Happy Blogtober!


My promise to myself for October.

I am committing to myself and my need to prove to myself that I can absolutely crush it this month. It’s been a long time since I felt that way. I struggle with consistency and actually following through on goals and plans so I’ll need to work on that.

If you have any tips for being consistent and making sure you follow through, I’d love to hear them.

In the meantime, I’m going to watch this video of my dog one more time just going at this puppacino like it’s her life’s purpose and try to have the same enthusiasm and motivation for my month.

Happy October!


Where in the Hell did you come from?

So often, I pause and think how in the hell did this happen to me? And you’re going to think it’s me complaining, being a hot head, or venting about something that frustrates me with you. And that would all be fair. I am a hot head and I do get really, really, really frustrated with you. It bears repeating. You really, really, really get under my skin. More than I think I ever have with anybody who I actually liked as a human being.

But nope. You’re wrong. It’s in those simple, quiet moments that you don’t think matter, that you don’t expect joy to creep up on you, that I just have to take a step back because what I have is imperfect, yes, and really challenging but it is all of the best things that I thought were unrealistic in a relationship. A relationship has never stayed this new for me. There are some things that get really old really fast and I think they just make me realize that they get old because they are the same issues manifesting themselves when we don’t address them. But I have the best of both worlds right now in that I look at a picture of you or a text you send me and my heart just feels like it pops, and yet I have that comfort and intimate friendship that takes longer to develop.

You are a challenge for me. On the daily. I didn’t like you when we first met, as you know, and it was a challenge to learn to like you. Then I learned to respect you and like you as an individual. Over time you became a friend, then a best friend, and way further into knowing you than you would ever expect, it finally dawned on me what was there. It’s like it just pulled up matter-of-factly in a cab one day, got out with its suitcase, walked into my life and unpacked like it had been there all along. I’d been so incredibly proud of how platonic and balanced our friendship was, that we were the example of a man and woman being friends with absolutely no doubt or romantic interest. Our chemistry was what I thought was the best kind to have, buddies who could work together on projects, balance one another, argue and push one another, but absolutely just kill it. My greatest fear in our friendship was that it would change, not in the way that it has but that it would drift away. So when this happened, when one day in the middle of a joke I suddenly sensed a question mark somewhere in my mind, it was really disorienting. It was the first time in my life that the expression I had to stop and put my head between my knees or I was going to vomit was actually physically and concretely true. I didn’t care how it looked. I suddenly got that random, off-balance feeling you get when turn in too many circles way too fast and stopping realize you’re going to fall over and crack your head open if you don’t sit down. It wasn’t a cliche emotional epiphany punctuating this culturally overrated storybook formula. If anything, the small part of my mind that could think outside of focusing on keeping my feet rooted to the floor and my head above my feet, took it as a sense of foreboding that moment was anything but idyllic and something had been so permanently changed I would find it had been lost rather than another thing gained.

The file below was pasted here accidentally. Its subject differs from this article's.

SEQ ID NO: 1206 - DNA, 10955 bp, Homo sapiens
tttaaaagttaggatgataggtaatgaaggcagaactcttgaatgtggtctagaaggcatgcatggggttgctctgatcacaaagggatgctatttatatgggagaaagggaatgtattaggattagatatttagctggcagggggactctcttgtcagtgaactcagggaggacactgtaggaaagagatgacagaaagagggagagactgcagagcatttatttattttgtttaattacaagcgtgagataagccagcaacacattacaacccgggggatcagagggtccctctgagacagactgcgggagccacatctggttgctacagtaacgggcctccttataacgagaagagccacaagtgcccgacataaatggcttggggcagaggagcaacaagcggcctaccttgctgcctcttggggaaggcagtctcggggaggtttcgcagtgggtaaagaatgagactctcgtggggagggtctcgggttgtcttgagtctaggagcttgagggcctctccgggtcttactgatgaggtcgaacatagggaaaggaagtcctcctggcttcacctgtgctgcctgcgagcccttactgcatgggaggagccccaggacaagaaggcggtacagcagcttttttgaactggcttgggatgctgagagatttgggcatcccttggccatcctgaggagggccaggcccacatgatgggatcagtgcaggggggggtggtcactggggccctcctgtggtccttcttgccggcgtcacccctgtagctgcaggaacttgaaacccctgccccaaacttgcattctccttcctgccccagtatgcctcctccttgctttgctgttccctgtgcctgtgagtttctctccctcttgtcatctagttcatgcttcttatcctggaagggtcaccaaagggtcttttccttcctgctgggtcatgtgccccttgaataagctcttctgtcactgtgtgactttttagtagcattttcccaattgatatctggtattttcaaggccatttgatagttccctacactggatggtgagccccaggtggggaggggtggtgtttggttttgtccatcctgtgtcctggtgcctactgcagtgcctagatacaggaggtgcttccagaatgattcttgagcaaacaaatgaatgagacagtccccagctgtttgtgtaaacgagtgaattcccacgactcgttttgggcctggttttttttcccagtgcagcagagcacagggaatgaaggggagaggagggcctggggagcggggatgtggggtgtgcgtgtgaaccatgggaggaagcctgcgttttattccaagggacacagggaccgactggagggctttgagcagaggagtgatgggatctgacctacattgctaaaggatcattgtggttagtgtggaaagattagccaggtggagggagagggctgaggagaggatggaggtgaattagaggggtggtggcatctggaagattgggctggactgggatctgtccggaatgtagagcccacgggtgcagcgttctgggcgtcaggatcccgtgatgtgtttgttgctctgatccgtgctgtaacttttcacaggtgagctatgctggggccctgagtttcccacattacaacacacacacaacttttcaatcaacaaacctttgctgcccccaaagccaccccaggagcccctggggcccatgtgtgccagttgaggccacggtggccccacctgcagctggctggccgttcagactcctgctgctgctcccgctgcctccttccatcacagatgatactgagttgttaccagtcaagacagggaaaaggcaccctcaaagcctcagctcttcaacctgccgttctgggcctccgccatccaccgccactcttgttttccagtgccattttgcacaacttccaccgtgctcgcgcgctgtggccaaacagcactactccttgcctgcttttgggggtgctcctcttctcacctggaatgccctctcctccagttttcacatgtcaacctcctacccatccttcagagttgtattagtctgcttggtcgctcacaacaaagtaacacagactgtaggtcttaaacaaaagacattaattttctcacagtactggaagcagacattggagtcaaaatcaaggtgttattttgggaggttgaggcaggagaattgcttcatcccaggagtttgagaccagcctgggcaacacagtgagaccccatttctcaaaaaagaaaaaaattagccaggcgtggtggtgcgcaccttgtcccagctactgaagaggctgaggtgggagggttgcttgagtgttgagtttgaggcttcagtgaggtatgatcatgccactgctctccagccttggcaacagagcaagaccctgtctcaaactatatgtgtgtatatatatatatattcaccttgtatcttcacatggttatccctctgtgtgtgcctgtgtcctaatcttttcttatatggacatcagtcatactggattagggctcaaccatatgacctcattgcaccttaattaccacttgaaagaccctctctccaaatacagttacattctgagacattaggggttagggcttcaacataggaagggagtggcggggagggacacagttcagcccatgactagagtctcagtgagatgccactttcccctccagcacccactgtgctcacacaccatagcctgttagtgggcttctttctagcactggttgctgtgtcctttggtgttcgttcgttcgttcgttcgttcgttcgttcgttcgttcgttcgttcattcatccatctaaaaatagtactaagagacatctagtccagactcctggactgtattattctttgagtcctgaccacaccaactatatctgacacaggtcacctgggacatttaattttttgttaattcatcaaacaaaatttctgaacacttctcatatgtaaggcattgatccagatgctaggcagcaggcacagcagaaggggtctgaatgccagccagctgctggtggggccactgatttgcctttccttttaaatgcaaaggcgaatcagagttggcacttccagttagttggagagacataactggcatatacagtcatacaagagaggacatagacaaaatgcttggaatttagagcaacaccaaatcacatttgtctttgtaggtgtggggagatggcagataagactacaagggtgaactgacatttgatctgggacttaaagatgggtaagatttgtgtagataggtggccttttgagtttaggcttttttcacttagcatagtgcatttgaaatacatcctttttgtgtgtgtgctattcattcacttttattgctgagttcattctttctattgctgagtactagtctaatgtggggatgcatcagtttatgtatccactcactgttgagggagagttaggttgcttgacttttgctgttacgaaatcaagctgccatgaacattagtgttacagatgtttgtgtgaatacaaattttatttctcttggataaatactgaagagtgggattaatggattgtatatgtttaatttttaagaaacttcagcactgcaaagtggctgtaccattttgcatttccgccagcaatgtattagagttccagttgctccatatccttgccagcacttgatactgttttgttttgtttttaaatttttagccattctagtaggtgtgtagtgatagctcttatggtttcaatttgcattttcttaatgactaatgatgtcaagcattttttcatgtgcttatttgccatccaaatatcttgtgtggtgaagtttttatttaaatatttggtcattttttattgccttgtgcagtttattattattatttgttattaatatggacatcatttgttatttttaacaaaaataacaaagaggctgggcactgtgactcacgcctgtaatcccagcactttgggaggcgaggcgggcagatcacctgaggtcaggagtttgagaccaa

But now, regardless of anything, as a best friend alone I don’t think I could love you more. And in spite of all of that, you are a challenge for me almost every moment of every day. Sometimes it’s a frustrating challenge, a decent amount of the time. Others, it’s the same way you challenged me as a friend, pushing me to be a better version of myself every time I get somewhere I think I have it figured out. Now it is where I could be a better partner. And as frustrating as that is–and as much as I will be willing to vehemently swear you’re wrong to my last breath–I become a better friend, person and version of myself every day you are in my life.

You are one of the most ideal things that has ever happened to me without the disgusting cliche of being perfect. I guess that’s probably one of my secret reasons for complaining sometimes; because perfect is so artificial and gross to me, I feel better when remembering it is flawed but genuine. Somehow in so many ways you’re everything I didn’t have in my mind for this formulaic, color-in-the-numbers life but you’re also everything that, if I had believed I could have it, I would have wanted in somebody I could be with. And I would have never guessed, even in all the years I knew you before this, that it would have been you. Truth be told, I’d have bet on the majority of people before you and somehow that longtime platonic buffer built the sort of bond strong enough it didn’t need more than friendship and is more durable because of it. In spite of all of the frustration and as much as I dug my feet in and refused to humor this question I suddenly felt compelled to ask myself, you’ve made what it means to have a “person” come to life and take meaning for me.